I’m a little late on this one, but in case you missed it:
This documentary film was forwarded to me by my father, a professor/academician/scholar/ and self-pronounced egghead who specializes in the relationships between philosophy, theology, ethics, popular culture and preaching. The film, a product of Open Source Cinema, is called “RiP: A remix Manifesto“, and touts itself as
. . . an open source documentary about copyright and remix culture. Created over a period of six years, the film features the collaborative remix work of hundreds of people who have contributed to this website, helping to create the world’s first open source documentary.
The film is a commentary focusing on copyright law from a perspective that often doesn’t get the opportunity to be heard: the social, or culture, perspective. While the film is itself a product of open source methods, it speaks on copyright law and the era of remix made available by technological advances and the never-ending societal thirst for free ideas and information. The central question is whether copyright increases or inhibits creation. Or does it simply protect creation, in which case an argument could be made whether protection includes either of these results?
Of the documentary’s thirteen chapters, there is one that captured my attention: “Preachers, Lawyers, and Criminals” (obvious why it caught my father’s attention as well). This chapter features Larry Lessig (note the similarities between his pose and my father’s), the acclaimed Stanford professor, scholar, and voice for open source methods. After all, it was Lessig’s own manifesto that sparked the documentary. The film follows Lessig on a trip to China and sits him down for a few notable words on his attack against the U.S. Copyright Law system. See this chapter:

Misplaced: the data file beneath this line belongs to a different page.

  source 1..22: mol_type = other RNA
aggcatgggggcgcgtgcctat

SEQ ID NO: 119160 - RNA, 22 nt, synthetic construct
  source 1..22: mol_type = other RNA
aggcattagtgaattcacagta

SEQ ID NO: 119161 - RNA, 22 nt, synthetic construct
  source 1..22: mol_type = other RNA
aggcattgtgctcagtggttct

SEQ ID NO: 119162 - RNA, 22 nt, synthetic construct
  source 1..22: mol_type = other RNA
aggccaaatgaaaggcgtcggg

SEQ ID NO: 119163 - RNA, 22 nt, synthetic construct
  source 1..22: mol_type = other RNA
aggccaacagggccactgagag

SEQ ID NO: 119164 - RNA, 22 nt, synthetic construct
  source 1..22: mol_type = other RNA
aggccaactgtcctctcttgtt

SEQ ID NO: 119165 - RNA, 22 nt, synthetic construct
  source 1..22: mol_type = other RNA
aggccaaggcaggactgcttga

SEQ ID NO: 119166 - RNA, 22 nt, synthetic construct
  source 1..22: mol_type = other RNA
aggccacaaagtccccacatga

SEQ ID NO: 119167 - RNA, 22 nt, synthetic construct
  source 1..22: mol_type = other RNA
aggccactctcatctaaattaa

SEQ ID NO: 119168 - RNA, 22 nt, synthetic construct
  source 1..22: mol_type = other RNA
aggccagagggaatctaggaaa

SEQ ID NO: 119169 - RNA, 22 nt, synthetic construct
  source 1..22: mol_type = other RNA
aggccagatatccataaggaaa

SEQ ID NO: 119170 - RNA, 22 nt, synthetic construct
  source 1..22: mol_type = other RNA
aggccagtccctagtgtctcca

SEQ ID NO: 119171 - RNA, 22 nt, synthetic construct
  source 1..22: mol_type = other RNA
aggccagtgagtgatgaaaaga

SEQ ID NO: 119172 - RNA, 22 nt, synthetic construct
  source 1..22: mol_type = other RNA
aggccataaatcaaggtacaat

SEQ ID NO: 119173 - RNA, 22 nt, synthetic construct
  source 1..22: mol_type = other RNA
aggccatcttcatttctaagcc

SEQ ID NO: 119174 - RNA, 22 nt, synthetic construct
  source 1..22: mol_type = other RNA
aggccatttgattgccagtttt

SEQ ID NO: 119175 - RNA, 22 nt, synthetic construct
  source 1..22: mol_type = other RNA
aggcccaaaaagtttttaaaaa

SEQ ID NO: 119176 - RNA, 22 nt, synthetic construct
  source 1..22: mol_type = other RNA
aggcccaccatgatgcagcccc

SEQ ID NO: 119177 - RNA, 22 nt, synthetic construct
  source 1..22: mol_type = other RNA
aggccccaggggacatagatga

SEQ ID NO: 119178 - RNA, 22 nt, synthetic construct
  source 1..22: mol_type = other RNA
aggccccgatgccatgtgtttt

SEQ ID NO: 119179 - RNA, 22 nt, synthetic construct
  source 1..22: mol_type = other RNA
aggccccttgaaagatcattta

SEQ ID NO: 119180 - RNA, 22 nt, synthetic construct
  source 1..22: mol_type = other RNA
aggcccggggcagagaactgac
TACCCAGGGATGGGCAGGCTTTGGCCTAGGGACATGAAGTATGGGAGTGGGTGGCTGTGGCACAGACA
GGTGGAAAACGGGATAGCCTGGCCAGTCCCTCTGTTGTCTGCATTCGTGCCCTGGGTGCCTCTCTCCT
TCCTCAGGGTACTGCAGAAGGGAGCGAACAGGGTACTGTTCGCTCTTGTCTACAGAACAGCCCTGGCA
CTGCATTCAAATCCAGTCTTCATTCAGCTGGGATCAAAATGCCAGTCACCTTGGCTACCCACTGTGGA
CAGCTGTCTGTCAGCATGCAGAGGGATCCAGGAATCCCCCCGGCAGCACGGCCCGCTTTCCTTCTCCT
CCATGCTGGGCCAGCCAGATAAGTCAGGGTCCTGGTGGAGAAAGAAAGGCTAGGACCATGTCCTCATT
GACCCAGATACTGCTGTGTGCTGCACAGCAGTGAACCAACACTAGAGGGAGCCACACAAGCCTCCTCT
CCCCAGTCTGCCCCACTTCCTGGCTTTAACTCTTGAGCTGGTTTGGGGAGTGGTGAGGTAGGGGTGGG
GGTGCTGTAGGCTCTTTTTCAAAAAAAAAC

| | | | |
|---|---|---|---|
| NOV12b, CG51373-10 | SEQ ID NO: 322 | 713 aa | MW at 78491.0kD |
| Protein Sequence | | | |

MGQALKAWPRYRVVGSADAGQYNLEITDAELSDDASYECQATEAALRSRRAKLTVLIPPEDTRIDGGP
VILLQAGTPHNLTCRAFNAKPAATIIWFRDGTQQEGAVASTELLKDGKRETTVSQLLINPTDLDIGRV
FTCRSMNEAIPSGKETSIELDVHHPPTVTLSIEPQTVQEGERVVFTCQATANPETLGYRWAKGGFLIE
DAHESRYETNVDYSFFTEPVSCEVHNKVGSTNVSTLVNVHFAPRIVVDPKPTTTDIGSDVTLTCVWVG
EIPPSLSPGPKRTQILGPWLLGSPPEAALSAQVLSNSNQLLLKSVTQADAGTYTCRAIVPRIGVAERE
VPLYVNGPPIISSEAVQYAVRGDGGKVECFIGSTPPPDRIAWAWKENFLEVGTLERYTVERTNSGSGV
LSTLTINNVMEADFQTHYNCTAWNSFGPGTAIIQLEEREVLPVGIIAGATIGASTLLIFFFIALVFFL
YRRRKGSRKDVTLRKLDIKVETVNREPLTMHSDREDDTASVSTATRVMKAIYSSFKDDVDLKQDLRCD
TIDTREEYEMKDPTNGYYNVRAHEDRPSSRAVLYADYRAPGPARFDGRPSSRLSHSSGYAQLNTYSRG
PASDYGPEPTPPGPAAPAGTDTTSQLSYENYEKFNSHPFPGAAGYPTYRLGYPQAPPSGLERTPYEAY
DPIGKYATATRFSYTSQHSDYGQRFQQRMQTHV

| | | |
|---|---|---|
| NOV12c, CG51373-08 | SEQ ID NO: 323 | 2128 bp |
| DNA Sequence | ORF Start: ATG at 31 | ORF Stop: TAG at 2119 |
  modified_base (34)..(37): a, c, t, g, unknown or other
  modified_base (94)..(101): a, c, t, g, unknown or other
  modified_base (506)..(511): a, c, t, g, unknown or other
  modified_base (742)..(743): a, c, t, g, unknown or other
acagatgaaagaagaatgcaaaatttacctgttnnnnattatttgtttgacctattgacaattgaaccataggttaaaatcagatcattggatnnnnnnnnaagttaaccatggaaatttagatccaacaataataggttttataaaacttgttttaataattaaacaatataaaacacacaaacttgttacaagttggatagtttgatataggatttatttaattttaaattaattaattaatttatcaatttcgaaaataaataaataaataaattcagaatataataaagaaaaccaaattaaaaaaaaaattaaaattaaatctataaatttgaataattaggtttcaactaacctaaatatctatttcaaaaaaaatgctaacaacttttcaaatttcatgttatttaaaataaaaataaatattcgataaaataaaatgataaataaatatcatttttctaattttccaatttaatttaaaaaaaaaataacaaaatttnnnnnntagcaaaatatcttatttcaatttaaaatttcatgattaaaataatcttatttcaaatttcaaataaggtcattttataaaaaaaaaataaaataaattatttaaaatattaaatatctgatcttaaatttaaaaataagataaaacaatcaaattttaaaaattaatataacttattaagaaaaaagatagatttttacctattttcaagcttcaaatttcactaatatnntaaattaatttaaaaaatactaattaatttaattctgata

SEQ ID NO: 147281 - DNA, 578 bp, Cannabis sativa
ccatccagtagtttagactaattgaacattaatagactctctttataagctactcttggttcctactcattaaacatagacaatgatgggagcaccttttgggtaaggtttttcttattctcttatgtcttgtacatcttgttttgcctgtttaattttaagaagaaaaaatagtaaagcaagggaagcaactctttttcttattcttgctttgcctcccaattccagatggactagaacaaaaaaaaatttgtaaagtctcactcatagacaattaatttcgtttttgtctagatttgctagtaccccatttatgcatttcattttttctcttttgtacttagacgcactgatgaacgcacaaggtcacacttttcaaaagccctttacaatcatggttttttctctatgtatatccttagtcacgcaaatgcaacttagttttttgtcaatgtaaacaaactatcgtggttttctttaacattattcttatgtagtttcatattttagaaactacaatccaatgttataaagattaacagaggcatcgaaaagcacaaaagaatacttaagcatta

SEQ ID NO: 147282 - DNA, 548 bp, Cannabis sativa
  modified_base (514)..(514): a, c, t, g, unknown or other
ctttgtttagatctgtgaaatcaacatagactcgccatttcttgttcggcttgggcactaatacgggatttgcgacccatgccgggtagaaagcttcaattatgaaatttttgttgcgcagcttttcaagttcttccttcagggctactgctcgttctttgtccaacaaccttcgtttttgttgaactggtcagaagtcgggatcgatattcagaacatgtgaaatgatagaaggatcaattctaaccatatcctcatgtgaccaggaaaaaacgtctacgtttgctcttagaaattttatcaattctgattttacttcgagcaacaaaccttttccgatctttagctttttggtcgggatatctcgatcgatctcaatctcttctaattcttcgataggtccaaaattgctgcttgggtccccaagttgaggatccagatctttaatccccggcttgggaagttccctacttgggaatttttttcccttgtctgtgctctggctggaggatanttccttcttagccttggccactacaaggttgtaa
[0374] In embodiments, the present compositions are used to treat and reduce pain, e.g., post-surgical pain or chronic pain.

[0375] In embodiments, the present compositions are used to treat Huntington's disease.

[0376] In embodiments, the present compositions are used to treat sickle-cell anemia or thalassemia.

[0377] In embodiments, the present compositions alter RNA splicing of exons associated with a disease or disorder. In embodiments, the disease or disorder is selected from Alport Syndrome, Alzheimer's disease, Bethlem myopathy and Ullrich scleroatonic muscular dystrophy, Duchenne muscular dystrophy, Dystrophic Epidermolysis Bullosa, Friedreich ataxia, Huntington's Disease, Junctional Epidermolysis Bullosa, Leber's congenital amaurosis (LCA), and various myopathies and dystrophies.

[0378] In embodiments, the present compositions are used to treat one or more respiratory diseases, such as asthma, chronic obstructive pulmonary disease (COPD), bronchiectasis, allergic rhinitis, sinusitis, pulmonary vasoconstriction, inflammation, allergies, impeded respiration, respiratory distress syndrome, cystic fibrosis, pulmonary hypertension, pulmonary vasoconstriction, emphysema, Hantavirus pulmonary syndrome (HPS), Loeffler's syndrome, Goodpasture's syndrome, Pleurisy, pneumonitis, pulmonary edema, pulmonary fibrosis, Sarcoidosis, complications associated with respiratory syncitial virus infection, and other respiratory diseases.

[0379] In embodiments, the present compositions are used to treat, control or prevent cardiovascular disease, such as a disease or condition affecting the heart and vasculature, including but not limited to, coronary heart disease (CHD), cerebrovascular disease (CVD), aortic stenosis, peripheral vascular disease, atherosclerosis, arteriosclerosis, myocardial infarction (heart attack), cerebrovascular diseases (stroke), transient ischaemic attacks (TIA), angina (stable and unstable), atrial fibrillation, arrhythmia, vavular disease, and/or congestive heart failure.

While quite a few professionals disagree with Lessig’s position (and I will neither take a position for or against on this post, although papers I have published in the past seem to give my position away), we can all learn from his work, which speaks for an important perspective in the copyright conversation - the future artists that don’t already own copyrights, but will one day. We can also all learn by watching all thirteen chapters of RiP: A remix Manifesto.
A few words from Open Source Cinema will provide context before viewing:
Imagine a world where ideas and culture, from “Happy Birthday” to Mickey Mouse, are horded under lock and key by copyright laws. Even ideas that could lead to a cure for cancer would be off-limits. Stop imagining now, because this is the world you live in. Although pop culture giants such as Walt Disney and the Rolling Stones built on the past to produce their art, the door is closing behind them.
I’ve been making a documentary for over 6 years that explores this issue: RiP: A Remix Manifesto.
Digital technology has opened up an unprecedented global economy of ideas. RiP explores the robber barons and revolutionaries squaring off across this new frontier as the film journeys from the hallways of Washington to the favelas of Brazil. Our central protagonist is Gregg Gillis, the Pittsburgh biomedical engineer who moonlights as Girl Talk, a mash-up artist rearranging the pop charts’ DNA with his incongruous entirely sample based songs. Along the way, I met key figures on the complexities of intellectual property in the digital era, among them Creative Commons founder Lawrence Lessig, culture critic Cory Doctorow, Brazilian musician and Minister of Cultural Affairs Gilberto Gil, and Jammie Thomas, the single mom successfully sued by the RIAA for illegal downloading.
Copyright law is important, if not necessary, but the question we will always ask is this: on a Laffer curve exemplifying copyright’s scope along the X-axis, and creation’s output on the Y-axis, what is the optimal point of protection? Any takers?